The international nature of the annual IATEFL conference means that it offers a chance to catch up with friends and former colleagues from around the world. This year Claire was delighted to have caught up with Erkin Mukhammedov, who she worked with 13 years ago on the Peacekeeping English Project in Uzbekistan. During that time Erkin was a teacher at the PfP Centre, which was based in the Military Academy in Tashkent, where Claire worked as a trainer. She remembers his enthusiasm for teaching and his keen interest in professional development, and was very pleased to hear that he’s currently doing an MA in ELT with a focus on assessment and testing at Warwick University. He is now also a trainer himself. It is a real privilege to have played a part in Erkin’s professional development and we wish him all the best with his studies. Also in the photo are Nargiza Kuchkarova from the Inha University, Tashkent, and Guzal Utemuratova, who is studying for a degree in TESOL at the University College London.
In 2015 I led a British Council Regional Hornby School in Abuja for teacher trainers and academics from Nigeria, Ethiopia and Rwanda. Some were from UNICEF and others were supported by DFID’s Education Sector Support Programme in Nigeria (ESSPIN) and the Teacher Development Programme (TDP), which is a UKaid programme managed by a consortium led by Mott Macdonald that involves the Nigerian government and six State governments in the north. Over the past year or so I have been guiding the participants’ research and editing their papers, which have just been published. Many thanks to the British Council’s Yetunde Oluwatosin for all her help and advice.
Claire and I thoroughly enjoyed the many excellent presentations at the IATEFL conference in Birmingham last week. It was a good opportunity to meet up with old friends and colleagues and to wander around the centre of the city…
Last week I was in Montenegro evaluating the work of the PELT project, which has been running for three years and is due to finish this time next year. I talked to officials at the MOD and visited the Masline Barracks in the capital, Podgorica. I also made separate trips to the main MOD training centre in Danilovgrad and the Mountain Company in Kolašin. The aim was to see the progress of the teaching and learning of English in the Montenegrin Armed Forces (MAF) and to make recommendations as to what needs to be done before the project closes.
I had very constructive talks with teachers in the system as well as IT specialists, learners and unit commanders. In all the meetings I attended, there was agreement that there has been marked progress in the overall provision of English language teaching and learning for the MAF as compared to 2013 when an initial needs analysis was conducted. My thanks go to Jasmina Alkovic of the British Council who co-ordinated the visit and, especially, all of the teachers and also Lt. Col. Petar Ducic and Capt. Sanja Pejovic of the MOD. It was a thoroughly enjoyable few days.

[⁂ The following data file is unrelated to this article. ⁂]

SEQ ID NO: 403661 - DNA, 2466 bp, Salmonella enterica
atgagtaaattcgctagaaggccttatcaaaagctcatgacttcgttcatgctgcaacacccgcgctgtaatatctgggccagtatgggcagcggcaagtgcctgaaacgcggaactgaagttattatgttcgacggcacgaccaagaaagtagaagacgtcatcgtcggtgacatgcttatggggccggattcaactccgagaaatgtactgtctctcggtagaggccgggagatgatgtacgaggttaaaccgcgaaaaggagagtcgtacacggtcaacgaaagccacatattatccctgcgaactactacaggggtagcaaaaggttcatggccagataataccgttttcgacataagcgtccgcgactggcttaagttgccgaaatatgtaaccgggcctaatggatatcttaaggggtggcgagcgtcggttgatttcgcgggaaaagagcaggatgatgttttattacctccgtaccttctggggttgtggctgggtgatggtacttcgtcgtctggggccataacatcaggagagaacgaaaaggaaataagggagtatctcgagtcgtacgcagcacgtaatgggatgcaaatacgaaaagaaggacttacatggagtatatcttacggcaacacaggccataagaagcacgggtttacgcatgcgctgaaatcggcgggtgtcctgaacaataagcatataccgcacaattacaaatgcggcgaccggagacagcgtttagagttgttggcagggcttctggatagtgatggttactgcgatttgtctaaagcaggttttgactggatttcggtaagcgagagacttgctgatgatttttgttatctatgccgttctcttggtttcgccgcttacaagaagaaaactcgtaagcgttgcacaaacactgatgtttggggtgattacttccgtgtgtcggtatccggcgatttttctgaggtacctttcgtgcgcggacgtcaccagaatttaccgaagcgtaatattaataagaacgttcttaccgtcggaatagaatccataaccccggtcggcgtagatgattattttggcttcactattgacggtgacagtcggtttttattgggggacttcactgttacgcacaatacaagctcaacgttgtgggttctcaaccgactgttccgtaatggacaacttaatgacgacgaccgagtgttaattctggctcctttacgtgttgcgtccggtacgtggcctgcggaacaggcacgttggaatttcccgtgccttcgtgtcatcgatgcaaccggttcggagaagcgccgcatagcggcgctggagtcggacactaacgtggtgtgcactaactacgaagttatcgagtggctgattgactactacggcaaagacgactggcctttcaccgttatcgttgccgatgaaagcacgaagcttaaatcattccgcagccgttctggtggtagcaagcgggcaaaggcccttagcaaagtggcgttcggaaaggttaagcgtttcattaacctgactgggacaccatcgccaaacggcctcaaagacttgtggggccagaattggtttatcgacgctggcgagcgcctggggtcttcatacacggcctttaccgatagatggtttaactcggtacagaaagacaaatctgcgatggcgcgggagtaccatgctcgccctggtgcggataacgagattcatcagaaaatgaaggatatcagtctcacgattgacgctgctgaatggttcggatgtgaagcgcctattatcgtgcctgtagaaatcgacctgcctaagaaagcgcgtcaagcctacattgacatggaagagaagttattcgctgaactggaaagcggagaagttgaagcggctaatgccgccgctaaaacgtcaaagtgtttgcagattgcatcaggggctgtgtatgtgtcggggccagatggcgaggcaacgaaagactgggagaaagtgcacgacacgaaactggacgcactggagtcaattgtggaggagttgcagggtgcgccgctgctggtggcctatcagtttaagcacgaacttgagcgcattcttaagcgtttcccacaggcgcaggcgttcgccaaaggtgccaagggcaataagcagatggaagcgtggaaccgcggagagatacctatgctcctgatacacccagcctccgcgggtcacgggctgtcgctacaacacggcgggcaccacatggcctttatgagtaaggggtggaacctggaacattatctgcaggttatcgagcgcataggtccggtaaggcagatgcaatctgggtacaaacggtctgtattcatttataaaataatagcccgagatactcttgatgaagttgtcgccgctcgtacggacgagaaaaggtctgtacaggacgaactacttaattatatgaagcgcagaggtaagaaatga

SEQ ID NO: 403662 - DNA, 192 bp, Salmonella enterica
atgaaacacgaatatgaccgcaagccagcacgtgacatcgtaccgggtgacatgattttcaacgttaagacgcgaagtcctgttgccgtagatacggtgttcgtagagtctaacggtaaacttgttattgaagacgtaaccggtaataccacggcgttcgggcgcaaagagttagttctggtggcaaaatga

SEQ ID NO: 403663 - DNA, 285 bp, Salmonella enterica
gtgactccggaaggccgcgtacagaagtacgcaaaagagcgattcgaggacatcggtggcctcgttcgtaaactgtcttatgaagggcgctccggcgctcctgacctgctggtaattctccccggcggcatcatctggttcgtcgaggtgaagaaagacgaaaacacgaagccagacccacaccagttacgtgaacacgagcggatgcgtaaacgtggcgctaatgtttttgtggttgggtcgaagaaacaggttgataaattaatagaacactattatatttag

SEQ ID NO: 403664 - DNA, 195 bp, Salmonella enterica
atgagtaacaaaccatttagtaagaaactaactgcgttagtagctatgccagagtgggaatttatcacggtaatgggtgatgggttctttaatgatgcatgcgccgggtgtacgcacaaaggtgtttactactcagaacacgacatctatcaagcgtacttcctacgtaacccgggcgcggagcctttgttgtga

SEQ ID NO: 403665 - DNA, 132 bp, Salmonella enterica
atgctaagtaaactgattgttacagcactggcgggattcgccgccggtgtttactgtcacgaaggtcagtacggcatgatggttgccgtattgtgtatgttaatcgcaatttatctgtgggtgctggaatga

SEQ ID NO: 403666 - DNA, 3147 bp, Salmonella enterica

We have been delivering training courses for Peacekeeping English Projects (PEPs) in a number of places recently. Last week Claire was back in Zrenjanin, Serbia, running a five-day regional workshop called ‘Teaching with Technology Part Two’ for 18 military English teachers from Serbia and Bosnia and Herzegovina. This course built on what was covered during Part One in October and the main aim was for the participants to develop activities using a range of websites, tools and apps that could be integrated into their courses. The participants excelled by creating a far greater number of activities than anticipated, which can now be trialled with their learners.
Rob was in Macedonia after his three weeks working on the PEP project in Namibia. The Macedonian MOD has invested in a Moodle Virtual Learning Environment (VLE). This was set up to enhance delivery of courses, including English language instruction. The British Council organised a three day ‘Introduction to Moodle’ training course for English teachers in Skopje. Rob and Mirjana Ivancev, a consultant from Serbia, led the training of ten teachers and testers. Two teachers from Montenegro also attended and reported back to their MOD on the potential for Moodle. The topics covered included the pedagogy of online learning and practical hands-on experience of the platform in preparation for future course development. The teachers are planning to upload supplementary materials onto Moodle as a first step to gain experience before developing longer courses. In addition, the Macedonian Testing Team are considering uploading information about STANAG 6001 examinations and practice test materials.
Alistair has just returned from China. He was at the UN China Peacekeeping Police Training Centre (CPPTC) providing support and training for Superintendents from across the country who are looking to apply for higher-level, senior positions in the UN Police (UNPOL). Many of the participants had already had significant police peacekeeping experience with some having been on three missions abroad. Alistair was working with Maureen Brown, a former assistant chief constable of Central Scotland and former adviser to the EU and DFID.